Finding the light within the madness
Student with ties to Hong Kong reflects on current political strife
I woke up Sunday morning to find out the place I had called home for the majority of my childhood was in complete chaos.
News of the protest in Hong Kong took over varying news distribution channels, from CNN to The New York Times – and Buzzfeed for those eager 20-something year-olds trying to stay in touch with current news.
My relatives in Hong Kong were switching their Facebook profiles to photos of a yellow ribbon, representing a wish for universal suffrage by pro-democracy groups in Hong Kong. Even my friends in the United States with Hong Kong heritage were doing the same.
Statuses and posts discussing the issue surfaced on my newsfeed and I felt a sense of gratification run through me.
Yes, college students were being assaulted with pepper spray and tear gas.
Yes, the police was physically attacking residents.
And yes, my own distant relatives could be the ones struggling in those crowds.
Yet, I was proud of these protestors for bringing light to the issue.
After 156 years under British colonialism, Hong Kong was returned to China on July 1, 1997. Hong Kong was able to grow under British rule, which allowed freedom of press, speech, assembly and religion – opposed to China’s authoritarian styles.
Since the protests, Instagram has been banned in China so images of the riot can’t be viewed. Words like “Hong Kong Police” and “Hong Kong tear gas” are blocked on Weibo, China’s censored version of Twitter.
Before “the Handover” took place, China promised Hong Kong a “high degree of autonomy” for 50 years after the return.
This would allow Hong Kong decades more of self-government, including its own power to elect governing officials. China promised Hong Kong its 2017 Chief Executive election would be free of Chinese interference.
China, however, broke this promise by announcing on Aug. 31 its own electoral committee would select the candidates – disregarding the idea of universal suffrage.
For a long time, I noticed only small protests trying to make a difference.
While I was at home, I would watch the Hong Kong news during dinner with my parents. I only saw measly bunches of college students hold up signs and talk about what needs to change through megaphones and microphones.
These residents of Hong Kong, which includes a large part of my family, had numerous dissatisfactions with China’s interferences, but I witnessed the majority of the population passively accept it.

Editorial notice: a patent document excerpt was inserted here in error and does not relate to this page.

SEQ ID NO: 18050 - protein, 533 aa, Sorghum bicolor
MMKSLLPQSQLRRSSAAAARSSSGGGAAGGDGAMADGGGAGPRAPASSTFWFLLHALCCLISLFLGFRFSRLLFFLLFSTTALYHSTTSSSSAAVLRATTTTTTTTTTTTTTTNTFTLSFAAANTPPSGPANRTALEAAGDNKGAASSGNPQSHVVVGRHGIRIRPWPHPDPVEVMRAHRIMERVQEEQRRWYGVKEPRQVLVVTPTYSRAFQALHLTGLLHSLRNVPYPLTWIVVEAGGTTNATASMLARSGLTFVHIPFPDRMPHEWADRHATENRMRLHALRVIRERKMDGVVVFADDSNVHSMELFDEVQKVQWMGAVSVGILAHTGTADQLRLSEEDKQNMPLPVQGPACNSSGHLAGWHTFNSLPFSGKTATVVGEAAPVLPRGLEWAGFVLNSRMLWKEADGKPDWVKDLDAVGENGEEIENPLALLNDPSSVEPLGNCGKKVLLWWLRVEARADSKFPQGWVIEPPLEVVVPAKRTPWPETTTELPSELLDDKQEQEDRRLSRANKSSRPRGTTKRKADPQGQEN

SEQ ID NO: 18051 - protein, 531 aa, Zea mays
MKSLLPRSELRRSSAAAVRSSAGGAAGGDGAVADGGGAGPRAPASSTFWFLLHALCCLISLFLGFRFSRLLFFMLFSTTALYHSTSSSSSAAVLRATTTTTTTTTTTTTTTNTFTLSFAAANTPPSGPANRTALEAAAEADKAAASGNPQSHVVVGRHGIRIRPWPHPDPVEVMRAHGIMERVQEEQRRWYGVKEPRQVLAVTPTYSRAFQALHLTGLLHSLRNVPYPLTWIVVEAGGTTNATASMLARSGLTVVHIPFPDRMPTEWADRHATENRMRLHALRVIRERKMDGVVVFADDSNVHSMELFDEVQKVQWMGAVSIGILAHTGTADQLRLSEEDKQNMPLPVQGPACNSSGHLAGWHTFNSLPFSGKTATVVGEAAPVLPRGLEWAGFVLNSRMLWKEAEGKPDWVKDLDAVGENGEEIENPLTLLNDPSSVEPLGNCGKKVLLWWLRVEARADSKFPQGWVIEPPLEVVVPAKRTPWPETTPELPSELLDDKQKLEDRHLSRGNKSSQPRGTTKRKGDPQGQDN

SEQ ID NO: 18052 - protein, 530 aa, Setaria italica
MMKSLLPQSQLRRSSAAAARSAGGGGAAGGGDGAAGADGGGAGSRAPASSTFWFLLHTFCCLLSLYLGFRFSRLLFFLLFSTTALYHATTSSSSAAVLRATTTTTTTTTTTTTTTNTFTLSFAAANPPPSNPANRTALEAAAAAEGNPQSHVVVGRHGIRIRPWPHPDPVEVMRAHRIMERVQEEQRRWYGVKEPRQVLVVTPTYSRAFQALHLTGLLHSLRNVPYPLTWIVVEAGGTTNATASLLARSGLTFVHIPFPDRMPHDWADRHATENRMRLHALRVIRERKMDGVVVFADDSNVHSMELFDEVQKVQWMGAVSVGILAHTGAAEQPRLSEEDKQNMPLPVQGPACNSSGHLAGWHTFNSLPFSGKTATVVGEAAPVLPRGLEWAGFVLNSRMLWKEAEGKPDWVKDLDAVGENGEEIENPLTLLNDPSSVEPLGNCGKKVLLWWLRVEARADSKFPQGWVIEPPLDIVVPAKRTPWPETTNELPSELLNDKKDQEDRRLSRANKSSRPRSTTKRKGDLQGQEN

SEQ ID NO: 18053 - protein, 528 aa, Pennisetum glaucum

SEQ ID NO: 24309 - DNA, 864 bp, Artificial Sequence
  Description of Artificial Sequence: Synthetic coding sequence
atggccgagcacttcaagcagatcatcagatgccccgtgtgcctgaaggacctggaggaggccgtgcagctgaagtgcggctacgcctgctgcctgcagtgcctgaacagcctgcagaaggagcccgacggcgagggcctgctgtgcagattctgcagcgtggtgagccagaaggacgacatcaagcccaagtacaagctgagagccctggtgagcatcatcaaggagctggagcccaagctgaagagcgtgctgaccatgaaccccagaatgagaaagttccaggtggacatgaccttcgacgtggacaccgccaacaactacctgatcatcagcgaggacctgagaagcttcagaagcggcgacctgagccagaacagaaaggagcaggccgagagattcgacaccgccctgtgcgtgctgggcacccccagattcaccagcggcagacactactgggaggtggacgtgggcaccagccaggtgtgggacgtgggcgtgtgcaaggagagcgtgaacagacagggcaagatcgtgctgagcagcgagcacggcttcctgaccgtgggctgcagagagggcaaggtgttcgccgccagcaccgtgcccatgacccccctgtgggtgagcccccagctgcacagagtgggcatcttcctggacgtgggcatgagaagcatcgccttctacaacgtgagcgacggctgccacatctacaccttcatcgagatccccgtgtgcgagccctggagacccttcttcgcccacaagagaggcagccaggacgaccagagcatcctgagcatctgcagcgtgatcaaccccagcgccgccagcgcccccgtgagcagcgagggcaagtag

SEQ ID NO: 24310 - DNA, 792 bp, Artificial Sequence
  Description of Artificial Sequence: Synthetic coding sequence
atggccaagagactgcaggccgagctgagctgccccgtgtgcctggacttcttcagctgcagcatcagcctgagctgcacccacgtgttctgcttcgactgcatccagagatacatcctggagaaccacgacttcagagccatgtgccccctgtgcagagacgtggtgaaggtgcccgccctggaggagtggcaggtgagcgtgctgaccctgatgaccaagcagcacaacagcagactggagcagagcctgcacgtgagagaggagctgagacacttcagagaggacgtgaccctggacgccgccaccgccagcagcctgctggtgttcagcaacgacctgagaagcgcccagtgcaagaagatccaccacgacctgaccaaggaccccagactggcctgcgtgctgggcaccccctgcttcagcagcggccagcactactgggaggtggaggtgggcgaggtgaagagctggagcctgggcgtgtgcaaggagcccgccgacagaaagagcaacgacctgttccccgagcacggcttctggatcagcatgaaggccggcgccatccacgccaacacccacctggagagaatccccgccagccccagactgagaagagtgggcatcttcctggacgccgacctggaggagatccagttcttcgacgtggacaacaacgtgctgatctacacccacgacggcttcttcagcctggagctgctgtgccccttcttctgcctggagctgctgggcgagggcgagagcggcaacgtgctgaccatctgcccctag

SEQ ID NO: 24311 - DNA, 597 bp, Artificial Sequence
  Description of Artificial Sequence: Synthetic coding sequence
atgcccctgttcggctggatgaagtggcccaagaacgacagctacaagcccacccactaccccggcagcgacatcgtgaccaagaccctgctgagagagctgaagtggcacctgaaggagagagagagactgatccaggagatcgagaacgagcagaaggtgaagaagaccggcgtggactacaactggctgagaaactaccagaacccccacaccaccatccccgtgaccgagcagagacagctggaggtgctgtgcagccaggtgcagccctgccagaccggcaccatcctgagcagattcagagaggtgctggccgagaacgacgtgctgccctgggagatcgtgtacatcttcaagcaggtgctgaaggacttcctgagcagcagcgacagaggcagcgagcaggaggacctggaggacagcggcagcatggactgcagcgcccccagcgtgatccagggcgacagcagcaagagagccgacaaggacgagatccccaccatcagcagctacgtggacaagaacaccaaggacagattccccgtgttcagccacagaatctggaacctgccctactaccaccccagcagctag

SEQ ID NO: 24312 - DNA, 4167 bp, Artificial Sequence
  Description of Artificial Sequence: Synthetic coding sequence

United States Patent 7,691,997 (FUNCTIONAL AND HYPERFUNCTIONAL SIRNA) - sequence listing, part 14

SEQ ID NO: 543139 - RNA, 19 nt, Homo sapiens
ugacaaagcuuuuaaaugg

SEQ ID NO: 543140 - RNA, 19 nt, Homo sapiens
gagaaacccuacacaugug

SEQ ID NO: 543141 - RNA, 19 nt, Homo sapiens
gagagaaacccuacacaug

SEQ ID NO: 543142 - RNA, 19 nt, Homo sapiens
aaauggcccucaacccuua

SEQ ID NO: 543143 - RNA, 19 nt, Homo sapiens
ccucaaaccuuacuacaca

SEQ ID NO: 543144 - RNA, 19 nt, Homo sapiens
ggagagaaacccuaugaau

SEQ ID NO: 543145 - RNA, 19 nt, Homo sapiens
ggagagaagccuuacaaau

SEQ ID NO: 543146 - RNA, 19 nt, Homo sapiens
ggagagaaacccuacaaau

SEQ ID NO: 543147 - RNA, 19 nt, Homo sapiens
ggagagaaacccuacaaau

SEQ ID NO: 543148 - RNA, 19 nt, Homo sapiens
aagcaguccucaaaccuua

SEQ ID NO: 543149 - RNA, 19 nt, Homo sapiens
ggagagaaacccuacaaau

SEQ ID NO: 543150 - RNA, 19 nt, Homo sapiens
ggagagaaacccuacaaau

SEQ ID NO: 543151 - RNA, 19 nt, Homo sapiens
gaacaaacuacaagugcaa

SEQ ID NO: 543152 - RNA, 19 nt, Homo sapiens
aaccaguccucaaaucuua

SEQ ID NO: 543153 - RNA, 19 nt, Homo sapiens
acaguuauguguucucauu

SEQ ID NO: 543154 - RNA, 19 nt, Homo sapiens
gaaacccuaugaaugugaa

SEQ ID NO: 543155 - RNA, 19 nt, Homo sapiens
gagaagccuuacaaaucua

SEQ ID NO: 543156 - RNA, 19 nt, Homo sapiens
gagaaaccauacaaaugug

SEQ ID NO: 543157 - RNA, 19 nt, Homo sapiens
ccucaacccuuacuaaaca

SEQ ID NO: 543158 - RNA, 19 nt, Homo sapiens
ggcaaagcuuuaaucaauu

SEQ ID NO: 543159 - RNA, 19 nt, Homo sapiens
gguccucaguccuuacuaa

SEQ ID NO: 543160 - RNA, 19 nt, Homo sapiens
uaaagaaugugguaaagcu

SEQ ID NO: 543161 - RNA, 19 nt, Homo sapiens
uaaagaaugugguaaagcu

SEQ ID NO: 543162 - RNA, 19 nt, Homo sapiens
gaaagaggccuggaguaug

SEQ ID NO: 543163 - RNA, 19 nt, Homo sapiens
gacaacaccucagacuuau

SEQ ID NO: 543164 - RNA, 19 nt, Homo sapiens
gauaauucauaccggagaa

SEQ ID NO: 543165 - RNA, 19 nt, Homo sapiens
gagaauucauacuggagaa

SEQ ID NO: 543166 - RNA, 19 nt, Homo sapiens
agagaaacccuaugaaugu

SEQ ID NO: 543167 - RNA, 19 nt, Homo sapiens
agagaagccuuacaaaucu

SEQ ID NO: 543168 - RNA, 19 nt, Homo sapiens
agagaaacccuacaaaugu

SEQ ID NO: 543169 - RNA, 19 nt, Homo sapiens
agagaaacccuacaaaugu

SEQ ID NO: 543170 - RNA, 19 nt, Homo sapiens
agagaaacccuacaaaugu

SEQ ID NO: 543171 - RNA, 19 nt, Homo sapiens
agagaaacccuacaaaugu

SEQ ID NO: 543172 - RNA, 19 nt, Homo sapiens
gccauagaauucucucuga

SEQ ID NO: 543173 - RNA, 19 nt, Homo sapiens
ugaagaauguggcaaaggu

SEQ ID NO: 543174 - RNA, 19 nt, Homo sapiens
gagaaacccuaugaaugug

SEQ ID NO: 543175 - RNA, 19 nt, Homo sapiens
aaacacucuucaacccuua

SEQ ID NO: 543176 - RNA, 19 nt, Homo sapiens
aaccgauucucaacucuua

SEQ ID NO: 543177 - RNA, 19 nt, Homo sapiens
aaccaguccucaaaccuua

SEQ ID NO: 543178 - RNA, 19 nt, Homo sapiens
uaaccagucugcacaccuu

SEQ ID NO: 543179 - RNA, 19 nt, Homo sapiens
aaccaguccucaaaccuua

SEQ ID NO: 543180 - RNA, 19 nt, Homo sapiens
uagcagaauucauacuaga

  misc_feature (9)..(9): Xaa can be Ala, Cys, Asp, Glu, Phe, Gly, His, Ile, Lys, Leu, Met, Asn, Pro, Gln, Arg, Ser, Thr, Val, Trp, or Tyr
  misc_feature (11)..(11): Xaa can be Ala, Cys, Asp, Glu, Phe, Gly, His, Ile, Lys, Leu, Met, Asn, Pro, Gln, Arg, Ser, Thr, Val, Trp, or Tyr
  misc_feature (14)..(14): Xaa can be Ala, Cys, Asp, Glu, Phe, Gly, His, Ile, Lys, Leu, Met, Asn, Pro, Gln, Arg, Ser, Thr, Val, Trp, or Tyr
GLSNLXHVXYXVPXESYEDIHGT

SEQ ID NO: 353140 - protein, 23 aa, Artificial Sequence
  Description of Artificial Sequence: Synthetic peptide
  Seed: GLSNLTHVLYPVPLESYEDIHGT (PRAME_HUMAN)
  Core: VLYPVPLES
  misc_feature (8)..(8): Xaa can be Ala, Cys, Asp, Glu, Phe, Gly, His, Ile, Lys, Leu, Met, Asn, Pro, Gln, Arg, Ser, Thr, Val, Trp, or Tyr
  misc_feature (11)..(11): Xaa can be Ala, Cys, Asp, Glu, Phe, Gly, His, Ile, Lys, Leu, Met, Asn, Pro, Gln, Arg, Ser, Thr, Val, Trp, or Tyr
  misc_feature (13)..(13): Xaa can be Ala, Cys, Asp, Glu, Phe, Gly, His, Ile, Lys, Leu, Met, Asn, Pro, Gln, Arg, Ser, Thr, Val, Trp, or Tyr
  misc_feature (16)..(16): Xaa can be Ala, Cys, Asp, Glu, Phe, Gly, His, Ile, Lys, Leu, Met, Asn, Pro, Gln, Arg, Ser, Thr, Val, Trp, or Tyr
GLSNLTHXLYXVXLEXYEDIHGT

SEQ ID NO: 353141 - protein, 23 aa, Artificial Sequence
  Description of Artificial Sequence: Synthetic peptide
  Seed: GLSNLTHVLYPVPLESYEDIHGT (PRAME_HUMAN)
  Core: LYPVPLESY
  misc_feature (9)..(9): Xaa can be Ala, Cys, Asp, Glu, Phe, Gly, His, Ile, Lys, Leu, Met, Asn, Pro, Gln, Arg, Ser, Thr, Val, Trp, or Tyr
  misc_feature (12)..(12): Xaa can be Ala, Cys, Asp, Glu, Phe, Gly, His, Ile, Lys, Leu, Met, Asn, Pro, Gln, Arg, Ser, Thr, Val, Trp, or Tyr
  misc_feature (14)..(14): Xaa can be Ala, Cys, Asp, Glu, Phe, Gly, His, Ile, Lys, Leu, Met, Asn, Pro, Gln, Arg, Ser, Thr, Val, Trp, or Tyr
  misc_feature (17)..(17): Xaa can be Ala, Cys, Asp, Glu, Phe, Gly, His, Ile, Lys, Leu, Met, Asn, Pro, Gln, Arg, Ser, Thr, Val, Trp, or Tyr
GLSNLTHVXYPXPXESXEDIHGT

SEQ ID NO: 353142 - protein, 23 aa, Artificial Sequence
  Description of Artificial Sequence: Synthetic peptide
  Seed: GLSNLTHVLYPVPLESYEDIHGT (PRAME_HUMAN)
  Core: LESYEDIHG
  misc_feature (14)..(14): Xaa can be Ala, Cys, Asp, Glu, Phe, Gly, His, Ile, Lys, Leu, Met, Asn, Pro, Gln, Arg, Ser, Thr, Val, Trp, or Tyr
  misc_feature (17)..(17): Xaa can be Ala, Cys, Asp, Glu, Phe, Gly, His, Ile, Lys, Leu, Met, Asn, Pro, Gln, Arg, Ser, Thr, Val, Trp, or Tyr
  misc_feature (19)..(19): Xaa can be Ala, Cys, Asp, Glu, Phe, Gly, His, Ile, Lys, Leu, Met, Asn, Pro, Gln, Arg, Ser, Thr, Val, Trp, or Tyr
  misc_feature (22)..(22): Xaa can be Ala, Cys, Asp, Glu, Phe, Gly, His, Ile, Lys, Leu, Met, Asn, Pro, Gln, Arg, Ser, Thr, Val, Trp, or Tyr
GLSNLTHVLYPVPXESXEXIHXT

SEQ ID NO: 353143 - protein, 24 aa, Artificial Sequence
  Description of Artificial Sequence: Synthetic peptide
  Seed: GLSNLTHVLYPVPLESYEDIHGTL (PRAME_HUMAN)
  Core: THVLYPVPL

Circumstances could be less vicious but finally something is happening – people are voicing their apprehensions and the issue is catching international attention.
Joseph Cheng, a professor of political science at the City University of Hong Kong, said the once “exceptional” city is on the path of becoming fully under China’s control and nothing can change this, according to The New York Times.
But I believe good will come out of this and China’s authority in Hong Kong will weaken, starting with this protest.
As pro-democracy protesters fill the streets, manning umbrellas – which have become a symbol for the cause as protectant against sun, rain and pepper spray – I’m filled with a sense of hope.
I am, however, familiar with China’s politics and free will to do whatever necessary to protect its government and image. Because of this, Hong Kong’s protestors are in danger of falling to a similar demise as those who were Tiananmen Square during the massacre of 1989.
If officials in China feel threatened enough, they could take action to put it all to an end – and deny everything, like it has in the past.
“If the Hong Kong police cannot disperse the crowd, there is the possibility of the [People’s Liberation Army] getting into the action,” Willy Lam, an expert on Chinese politics at the Chinese University of Hong Kong, told the Los Angeles Times.
My only hope now is in a city where I rode minibuses to some of my favorite “cha chaan tengs,” where my relatives and I played mahjong during “typhoon gatherings” and where my parents were born and raised, tragedies similar to those in China in 1989 will not occur again.